APS has asked for a yearly revenue increase of $772.27 million (22.9%), $459.84 million (13.62%) of which will actually be experienced in customers’ bills. This difference is accounted for by a test year adjustor revenue transfer (-$107.83 million), a Power Supply Adjustment Mechanism (“PSA”) revenue reduction (-$220.59 million), and a Renewable Energy Standard Adjustment Clause (“REAC”) revenue increase (+$16.09 million). All of these but the REAC are charges APS is asking for directly from the state.

So, of course, we still pay for these adjustors, just not in our power bills. The adjustors are intended to (A) make up for the losses APS was not allowed to reclaim from last year’s closing of power plants, (B) account for fluctuations in the cost of natural gas, at least 40% of which is imported from out of state, and (C) account for the cost of meeting Arizona’s renewable energy requirements.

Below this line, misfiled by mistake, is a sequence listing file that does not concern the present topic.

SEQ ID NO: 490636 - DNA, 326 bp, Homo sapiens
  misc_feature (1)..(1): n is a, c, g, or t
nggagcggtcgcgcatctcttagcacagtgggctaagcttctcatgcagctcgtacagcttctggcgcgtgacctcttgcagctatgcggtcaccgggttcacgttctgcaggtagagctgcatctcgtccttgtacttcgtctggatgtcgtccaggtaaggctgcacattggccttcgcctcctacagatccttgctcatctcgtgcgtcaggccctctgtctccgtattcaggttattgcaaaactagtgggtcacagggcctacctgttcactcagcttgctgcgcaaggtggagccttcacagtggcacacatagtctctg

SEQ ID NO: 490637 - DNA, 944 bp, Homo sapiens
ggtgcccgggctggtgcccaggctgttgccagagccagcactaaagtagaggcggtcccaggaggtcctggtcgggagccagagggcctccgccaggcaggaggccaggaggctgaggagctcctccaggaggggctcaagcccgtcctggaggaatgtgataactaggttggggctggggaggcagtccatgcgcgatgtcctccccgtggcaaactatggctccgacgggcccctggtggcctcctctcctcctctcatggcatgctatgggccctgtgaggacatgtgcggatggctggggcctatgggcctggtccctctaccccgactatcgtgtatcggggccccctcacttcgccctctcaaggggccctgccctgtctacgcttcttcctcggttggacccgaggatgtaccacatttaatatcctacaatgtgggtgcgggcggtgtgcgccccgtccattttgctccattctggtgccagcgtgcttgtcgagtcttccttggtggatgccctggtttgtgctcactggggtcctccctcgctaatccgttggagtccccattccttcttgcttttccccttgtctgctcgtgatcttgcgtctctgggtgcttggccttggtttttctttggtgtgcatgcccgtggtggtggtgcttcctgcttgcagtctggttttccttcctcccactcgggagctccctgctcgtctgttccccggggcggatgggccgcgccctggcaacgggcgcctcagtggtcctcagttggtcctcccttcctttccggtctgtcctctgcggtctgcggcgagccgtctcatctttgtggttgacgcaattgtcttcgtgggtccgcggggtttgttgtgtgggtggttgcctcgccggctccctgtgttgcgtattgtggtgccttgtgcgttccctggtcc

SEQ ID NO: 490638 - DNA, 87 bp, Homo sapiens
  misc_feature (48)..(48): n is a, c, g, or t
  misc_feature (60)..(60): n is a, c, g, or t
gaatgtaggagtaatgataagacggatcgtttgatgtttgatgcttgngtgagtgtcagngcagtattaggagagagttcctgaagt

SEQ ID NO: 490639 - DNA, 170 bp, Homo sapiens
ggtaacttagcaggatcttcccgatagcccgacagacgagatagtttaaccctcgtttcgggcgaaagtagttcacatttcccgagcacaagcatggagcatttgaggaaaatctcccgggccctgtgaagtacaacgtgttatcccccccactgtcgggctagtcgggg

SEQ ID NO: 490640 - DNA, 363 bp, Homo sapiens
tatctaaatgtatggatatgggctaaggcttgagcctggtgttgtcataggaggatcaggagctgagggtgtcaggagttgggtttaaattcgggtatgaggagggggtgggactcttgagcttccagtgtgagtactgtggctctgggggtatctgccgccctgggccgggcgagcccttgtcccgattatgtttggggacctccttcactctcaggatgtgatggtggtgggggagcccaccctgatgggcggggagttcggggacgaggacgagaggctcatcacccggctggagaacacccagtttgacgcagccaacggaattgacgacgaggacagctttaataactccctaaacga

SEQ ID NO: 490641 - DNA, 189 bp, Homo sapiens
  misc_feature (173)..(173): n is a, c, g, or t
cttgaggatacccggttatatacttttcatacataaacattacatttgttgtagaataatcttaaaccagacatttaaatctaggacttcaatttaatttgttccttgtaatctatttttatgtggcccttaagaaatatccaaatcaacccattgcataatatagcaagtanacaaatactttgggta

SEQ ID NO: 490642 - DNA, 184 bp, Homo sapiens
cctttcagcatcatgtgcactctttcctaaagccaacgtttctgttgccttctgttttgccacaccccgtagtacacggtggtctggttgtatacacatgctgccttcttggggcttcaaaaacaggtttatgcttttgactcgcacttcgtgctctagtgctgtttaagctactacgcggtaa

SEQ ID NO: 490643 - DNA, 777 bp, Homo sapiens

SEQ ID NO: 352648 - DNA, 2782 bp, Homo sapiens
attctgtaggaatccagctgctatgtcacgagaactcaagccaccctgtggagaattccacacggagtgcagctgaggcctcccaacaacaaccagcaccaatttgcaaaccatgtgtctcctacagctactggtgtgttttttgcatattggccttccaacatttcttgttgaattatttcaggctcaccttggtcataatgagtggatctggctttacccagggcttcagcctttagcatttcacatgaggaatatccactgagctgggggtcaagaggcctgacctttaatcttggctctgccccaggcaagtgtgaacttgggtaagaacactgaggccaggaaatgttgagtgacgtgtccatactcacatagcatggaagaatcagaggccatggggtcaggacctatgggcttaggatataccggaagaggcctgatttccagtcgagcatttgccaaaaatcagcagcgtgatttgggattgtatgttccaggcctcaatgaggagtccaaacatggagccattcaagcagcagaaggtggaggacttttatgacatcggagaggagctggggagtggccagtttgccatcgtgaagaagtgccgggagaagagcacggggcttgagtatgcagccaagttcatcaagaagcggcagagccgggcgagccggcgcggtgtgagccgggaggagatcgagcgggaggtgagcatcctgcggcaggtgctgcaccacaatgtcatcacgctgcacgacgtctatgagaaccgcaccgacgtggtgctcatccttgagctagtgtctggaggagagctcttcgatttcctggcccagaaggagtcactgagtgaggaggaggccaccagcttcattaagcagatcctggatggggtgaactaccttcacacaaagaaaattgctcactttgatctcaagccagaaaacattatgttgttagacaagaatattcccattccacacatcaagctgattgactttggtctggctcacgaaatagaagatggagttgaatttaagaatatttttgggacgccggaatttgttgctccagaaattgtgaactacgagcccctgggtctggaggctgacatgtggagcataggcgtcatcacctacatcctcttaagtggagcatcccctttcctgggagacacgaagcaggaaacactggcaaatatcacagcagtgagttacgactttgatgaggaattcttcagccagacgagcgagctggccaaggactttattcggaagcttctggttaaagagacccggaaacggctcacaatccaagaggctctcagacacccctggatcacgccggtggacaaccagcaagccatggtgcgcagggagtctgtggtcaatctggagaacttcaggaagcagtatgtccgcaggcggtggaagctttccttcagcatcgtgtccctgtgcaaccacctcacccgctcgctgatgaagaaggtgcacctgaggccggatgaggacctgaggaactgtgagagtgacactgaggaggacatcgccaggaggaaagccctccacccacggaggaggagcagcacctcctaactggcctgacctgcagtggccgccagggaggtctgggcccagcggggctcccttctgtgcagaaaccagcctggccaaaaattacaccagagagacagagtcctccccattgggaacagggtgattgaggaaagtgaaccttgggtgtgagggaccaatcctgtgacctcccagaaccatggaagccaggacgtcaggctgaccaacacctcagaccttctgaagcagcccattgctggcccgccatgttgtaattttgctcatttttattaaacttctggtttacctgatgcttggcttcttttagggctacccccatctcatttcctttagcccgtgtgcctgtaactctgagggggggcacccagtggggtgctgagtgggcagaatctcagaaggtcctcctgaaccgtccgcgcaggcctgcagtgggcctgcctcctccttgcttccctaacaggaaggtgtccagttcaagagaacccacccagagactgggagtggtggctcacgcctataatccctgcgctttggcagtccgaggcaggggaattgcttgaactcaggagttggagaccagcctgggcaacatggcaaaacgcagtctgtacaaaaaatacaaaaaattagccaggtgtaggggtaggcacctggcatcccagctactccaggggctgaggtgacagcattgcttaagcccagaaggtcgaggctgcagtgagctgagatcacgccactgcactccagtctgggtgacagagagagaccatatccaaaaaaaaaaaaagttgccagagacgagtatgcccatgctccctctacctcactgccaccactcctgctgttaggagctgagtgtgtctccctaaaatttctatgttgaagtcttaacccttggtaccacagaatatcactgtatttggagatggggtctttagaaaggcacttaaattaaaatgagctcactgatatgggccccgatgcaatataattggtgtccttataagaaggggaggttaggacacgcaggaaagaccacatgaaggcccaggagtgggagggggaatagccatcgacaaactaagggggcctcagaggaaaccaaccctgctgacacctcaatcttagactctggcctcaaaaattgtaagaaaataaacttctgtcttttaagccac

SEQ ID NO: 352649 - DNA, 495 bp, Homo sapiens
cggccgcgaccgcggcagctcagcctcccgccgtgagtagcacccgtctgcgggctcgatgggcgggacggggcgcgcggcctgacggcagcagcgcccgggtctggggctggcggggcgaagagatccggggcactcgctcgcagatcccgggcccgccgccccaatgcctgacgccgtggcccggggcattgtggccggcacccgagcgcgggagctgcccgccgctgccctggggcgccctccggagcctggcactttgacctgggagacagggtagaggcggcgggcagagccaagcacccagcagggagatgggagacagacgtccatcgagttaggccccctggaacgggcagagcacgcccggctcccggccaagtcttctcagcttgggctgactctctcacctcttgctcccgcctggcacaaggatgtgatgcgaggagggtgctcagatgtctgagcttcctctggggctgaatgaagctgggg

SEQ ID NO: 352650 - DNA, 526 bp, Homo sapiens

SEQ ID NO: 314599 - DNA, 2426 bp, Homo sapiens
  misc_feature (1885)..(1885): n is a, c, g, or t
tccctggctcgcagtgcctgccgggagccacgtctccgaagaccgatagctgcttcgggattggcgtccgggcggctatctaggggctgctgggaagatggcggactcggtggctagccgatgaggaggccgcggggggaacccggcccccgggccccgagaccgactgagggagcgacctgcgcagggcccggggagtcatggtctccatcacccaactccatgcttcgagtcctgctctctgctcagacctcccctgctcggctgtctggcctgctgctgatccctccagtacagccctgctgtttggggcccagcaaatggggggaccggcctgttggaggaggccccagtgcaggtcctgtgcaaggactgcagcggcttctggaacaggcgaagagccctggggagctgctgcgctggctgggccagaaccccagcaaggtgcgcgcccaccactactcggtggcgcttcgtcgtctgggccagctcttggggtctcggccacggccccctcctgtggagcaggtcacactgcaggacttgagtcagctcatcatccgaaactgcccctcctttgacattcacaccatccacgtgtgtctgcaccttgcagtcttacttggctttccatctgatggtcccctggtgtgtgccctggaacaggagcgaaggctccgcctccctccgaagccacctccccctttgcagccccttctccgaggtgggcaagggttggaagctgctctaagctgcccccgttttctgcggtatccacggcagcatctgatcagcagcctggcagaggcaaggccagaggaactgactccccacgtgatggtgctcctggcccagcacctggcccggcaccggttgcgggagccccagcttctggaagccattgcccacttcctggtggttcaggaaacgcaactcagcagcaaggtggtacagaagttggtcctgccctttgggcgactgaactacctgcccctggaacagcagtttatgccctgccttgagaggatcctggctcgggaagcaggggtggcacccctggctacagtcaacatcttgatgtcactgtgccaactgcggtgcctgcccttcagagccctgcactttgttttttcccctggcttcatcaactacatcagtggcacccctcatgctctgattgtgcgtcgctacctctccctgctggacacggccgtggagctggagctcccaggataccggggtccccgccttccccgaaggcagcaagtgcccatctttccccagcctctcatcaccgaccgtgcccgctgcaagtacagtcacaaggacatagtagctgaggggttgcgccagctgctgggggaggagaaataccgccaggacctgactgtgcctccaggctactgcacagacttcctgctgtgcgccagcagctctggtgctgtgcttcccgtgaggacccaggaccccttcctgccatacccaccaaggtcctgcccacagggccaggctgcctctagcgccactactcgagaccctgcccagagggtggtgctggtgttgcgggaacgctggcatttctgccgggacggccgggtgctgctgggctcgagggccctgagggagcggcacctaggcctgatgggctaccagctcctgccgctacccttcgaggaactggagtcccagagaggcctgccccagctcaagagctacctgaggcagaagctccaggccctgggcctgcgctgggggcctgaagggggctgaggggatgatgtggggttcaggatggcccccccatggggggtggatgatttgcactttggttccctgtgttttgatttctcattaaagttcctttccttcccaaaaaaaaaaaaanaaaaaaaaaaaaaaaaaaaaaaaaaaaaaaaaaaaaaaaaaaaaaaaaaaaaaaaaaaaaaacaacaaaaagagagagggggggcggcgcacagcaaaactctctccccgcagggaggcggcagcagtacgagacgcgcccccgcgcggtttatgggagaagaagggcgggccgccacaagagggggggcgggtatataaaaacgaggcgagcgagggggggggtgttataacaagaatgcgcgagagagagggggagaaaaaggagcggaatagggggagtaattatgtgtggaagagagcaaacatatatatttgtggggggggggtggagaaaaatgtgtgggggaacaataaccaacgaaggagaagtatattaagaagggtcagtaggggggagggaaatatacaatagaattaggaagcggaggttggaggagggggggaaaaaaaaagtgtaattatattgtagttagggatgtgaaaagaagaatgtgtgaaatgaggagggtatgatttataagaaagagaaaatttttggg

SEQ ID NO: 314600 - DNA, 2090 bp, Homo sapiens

APS claims these rate increases will help improve reliability and renewable energy projects as well as customer service. They also report that their rates have remained mostly unchanged since 2018. APS reports this will increase the average customer bill by 13.6% monthly or about $18.

This process was started last October and is expected to wrap up this fall.

Here is the schedule for public hearings in this case: 

Schedule for 2023 APS rate case hearings.

And here is the revenue broken down by customer type:

APS rate increase by customer type.

If approved, the new rates will go into effect on December 1, 2023.

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